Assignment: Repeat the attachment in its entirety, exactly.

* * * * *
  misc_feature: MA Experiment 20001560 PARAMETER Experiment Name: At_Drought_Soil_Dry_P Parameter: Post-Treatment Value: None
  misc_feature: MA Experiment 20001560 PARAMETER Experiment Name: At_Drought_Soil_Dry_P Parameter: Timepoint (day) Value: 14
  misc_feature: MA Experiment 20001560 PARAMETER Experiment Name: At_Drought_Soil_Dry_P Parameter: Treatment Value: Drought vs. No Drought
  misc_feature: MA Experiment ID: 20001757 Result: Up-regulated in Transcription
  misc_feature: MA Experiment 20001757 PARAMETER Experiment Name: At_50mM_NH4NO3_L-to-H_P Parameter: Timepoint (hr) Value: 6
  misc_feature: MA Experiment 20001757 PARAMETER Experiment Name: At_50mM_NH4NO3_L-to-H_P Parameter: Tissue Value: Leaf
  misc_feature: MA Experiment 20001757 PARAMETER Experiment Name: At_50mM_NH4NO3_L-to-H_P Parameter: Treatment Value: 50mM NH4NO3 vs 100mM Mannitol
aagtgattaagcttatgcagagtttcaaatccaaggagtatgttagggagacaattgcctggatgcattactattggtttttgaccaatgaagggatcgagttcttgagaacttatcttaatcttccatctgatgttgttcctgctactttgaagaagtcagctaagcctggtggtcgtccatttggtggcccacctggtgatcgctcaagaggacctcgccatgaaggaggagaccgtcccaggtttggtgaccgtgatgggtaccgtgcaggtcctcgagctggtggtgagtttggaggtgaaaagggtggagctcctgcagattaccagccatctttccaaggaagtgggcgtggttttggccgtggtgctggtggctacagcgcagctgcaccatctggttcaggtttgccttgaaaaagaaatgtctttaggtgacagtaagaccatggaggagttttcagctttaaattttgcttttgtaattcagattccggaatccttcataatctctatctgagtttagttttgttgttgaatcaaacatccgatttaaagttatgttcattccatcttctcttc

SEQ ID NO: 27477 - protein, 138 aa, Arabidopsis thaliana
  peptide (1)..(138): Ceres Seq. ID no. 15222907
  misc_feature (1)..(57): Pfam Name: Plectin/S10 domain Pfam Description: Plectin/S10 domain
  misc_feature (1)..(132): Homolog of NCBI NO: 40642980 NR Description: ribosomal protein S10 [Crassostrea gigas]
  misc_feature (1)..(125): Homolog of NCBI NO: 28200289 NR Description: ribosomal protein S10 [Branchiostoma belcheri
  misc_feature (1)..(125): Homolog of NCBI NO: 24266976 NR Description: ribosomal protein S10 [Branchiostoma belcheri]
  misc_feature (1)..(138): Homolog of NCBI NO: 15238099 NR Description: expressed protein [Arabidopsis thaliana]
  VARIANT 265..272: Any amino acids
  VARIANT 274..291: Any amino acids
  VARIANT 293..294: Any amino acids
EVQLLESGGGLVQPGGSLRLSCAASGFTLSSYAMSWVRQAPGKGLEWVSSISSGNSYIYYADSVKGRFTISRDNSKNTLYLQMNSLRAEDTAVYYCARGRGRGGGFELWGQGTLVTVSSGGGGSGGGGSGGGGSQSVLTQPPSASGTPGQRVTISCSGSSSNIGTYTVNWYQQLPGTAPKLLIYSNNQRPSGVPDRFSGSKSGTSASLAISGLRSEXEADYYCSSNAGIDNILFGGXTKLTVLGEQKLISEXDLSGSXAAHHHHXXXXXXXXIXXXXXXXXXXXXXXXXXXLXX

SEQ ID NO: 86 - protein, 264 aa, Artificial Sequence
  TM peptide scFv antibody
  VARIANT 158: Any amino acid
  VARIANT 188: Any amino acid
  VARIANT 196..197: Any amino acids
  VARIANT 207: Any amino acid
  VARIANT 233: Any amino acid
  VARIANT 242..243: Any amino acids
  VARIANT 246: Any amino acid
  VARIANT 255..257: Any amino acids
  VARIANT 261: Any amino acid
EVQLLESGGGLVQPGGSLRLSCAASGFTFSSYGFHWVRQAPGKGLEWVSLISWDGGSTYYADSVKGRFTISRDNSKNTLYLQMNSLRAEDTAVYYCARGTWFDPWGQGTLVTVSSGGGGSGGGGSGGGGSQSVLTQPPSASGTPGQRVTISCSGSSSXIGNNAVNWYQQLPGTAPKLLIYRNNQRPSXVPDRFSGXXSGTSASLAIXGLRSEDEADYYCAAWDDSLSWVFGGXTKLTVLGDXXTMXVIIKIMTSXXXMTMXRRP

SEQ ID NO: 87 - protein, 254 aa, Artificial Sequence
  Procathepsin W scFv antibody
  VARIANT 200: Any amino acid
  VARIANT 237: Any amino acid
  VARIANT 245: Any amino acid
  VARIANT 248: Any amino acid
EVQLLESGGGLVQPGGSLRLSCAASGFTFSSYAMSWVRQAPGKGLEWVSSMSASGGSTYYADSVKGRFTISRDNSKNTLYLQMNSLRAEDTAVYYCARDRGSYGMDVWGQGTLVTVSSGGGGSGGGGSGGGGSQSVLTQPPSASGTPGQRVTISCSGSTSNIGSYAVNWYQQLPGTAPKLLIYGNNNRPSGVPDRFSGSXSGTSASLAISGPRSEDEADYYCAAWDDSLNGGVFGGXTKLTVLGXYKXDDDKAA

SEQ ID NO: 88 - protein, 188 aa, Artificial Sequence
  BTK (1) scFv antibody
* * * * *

  misc_feature: MA Experiment 20001560 PARAMETER Experiment Name: At_Drought_Soil_Dry_P Parameter: Post-Treatment Value: None
  misc_feature: MA Experiment 20001560 PARAMETER Experiment Name: At_Drought_Soil_Dry_P Parameter: Timepoint (day) Value: 14
  misc_feature: MA Experiment 20001560 PARAMETER Experiment Name: At_Drought_Soil_Dry_P Parameter: Treatment Value: Drought vs. No Drought
  misc_feature: MA Experiment ID: 20001757 Result: Up-regulated in Transcription
  misc_feature: MA Experiment 20001757 PARAMETER Experiment Name: At_50mM_NH4NO3_L-to-H_P Parameter: Timepoint (hr) Value: 6
  misc_feature: MA Experiment 20001757 PARAMETER Experiment Name: At_50mM_NH4NO3_L-to-H_P Parameter: Tissue Value: Leaf
  misc_feature: MA Experiment 20001757 PARAMETER Experiment Name: At_50mM_NH4NO3_L-to-H_P Parameter: Treatment Value: 50mM NH4NO3 vs 100mM Mannitol
aagtgattaagcttatgcagagtttcaaatccaaggagtatgttagggagacaattgcctggatgcattactattggtttttgaccaatgaagggatcgagttcttgagaacttatcttaatcttccatctgatgttgttcctgctactttgaagaagtcagctaagcctggtggtcgtccatttggtggcccacctggtgatcgctcaagaggacctcgccatgaaggaggagaccgtcccaggtttggtgaccgtgatgggtaccgtgcaggtcctcgagctggtggtgagtttggaggtgaaaagggtggagctcctgcagattaccagccatctttccaaggaagtgggcgtggttttggccgtggtgctggtggctacagcgcagctgcaccatctggttcaggtttgccttgaaaaagaaatgtctttaggtgacagtaagaccatggaggagttttcagctttaaattttgcttttgtaattcagattccggaatccttcataatctctatctgagtttagttttgttgttgaatcaaacatccgatttaaagttatgttcattccatcttctcttc

SEQ ID NO: 27477 - protein, 138 aa, Arabidopsis thaliana
  peptide (1)..(138): Ceres Seq. ID no. 15222907
  misc_feature (1)..(57): Pfam Name: Plectin/S10 domain Pfam Description: Plectin/S10 domain
  misc_feature (1)..(132): Homolog of NCBI NO: 40642980 NR Description: ribosomal protein S10 [Crassostrea gigas]
  misc_feature (1)..(125): Homolog of NCBI NO: 28200289 NR Description: ribosomal protein S10 [Branchiostoma belcheri
  misc_feature (1)..(125): Homolog of NCBI NO: 24266976 NR Description: ribosomal protein S10 [Branchiostoma belcheri]
  misc_feature (1)..(138): Homolog of NCBI NO: 15238099 NR Description: expressed protein [Arabidopsis thaliana]
  VARIANT 265..272: Any amino acids
  VARIANT 274..291: Any amino acids
  VARIANT 293..294: Any amino acids
EVQLLESGGGLVQPGGSLRLSCAASGFTLSSYAMSWVRQAPGKGLEWVSSISSGNSYIYYADSVKGRFTISRDNSKNTLYLQMNSLRAEDTAVYYCARGRGRGGGFELWGQGTLVTVSSGGGGSGGGGSGGGGSQSVLTQPPSASGTPGQRVTISCSGSSSNIGTYTVNWYQQLPGTAPKLLIYSNNQRPSGVPDRFSGSKSGTSASLAISGLRSEXEADYYCSSNAGIDNILFGGXTKLTVLGEQKLISEXDLSGSXAAHHHHXXXXXXXXIXXXXXXXXXXXXXXXXXXLXX

SEQ ID NO: 86 - protein, 264 aa, Artificial Sequence
  TM peptide scFv antibody
  VARIANT 158: Any amino acid
  VARIANT 188: Any amino acid
  VARIANT 196..197: Any amino acids
  VARIANT 207: Any amino acid
  VARIANT 233: Any amino acid
  VARIANT 242..243: Any amino acids
  VARIANT 246: Any amino acid
  VARIANT 255..257: Any amino acids
  VARIANT 261: Any amino acid
EVQLLESGGGLVQPGGSLRLSCAASGFTFSSYGFHWVRQAPGKGLEWVSLISWDGGSTYYADSVKGRFTISRDNSKNTLYLQMNSLRAEDTAVYYCARGTWFDPWGQGTLVTVSSGGGGSGGGGSGGGGSQSVLTQPPSASGTPGQRVTISCSGSSSXIGNNAVNWYQQLPGTAPKLLIYRNNQRPSXVPDRFSGXXSGTSASLAIXGLRSEDEADYYCAAWDDSLSWVFGGXTKLTVLGDXXTMXVIIKIMTSXXXMTMXRRP

SEQ ID NO: 87 - protein, 254 aa, Artificial Sequence
  Procathepsin W scFv antibody
  VARIANT 200: Any amino acid
  VARIANT 237: Any amino acid
  VARIANT 245: Any amino acid
  VARIANT 248: Any amino acid
EVQLLESGGGLVQPGGSLRLSCAASGFTFSSYAMSWVRQAPGKGLEWVSSMSASGGSTYYADSVKGRFTISRDNSKNTLYLQMNSLRAEDTAVYYCARDRGSYGMDVWGQGTLVTVSSGGGGSGGGGSGGGGSQSVLTQPPSASGTPGQRVTISCSGSTSNIGSYAVNWYQQLPGTAPKLLIYGNNNRPSGVPDRFSGSXSGTSASLAISGPRSEDEADYYCAAWDDSLNGGVFGGXTKLTVLGXYKXDDDKAA

SEQ ID NO: 88 - protein, 188 aa, Artificial Sequence
  BTK (1) scFv antibody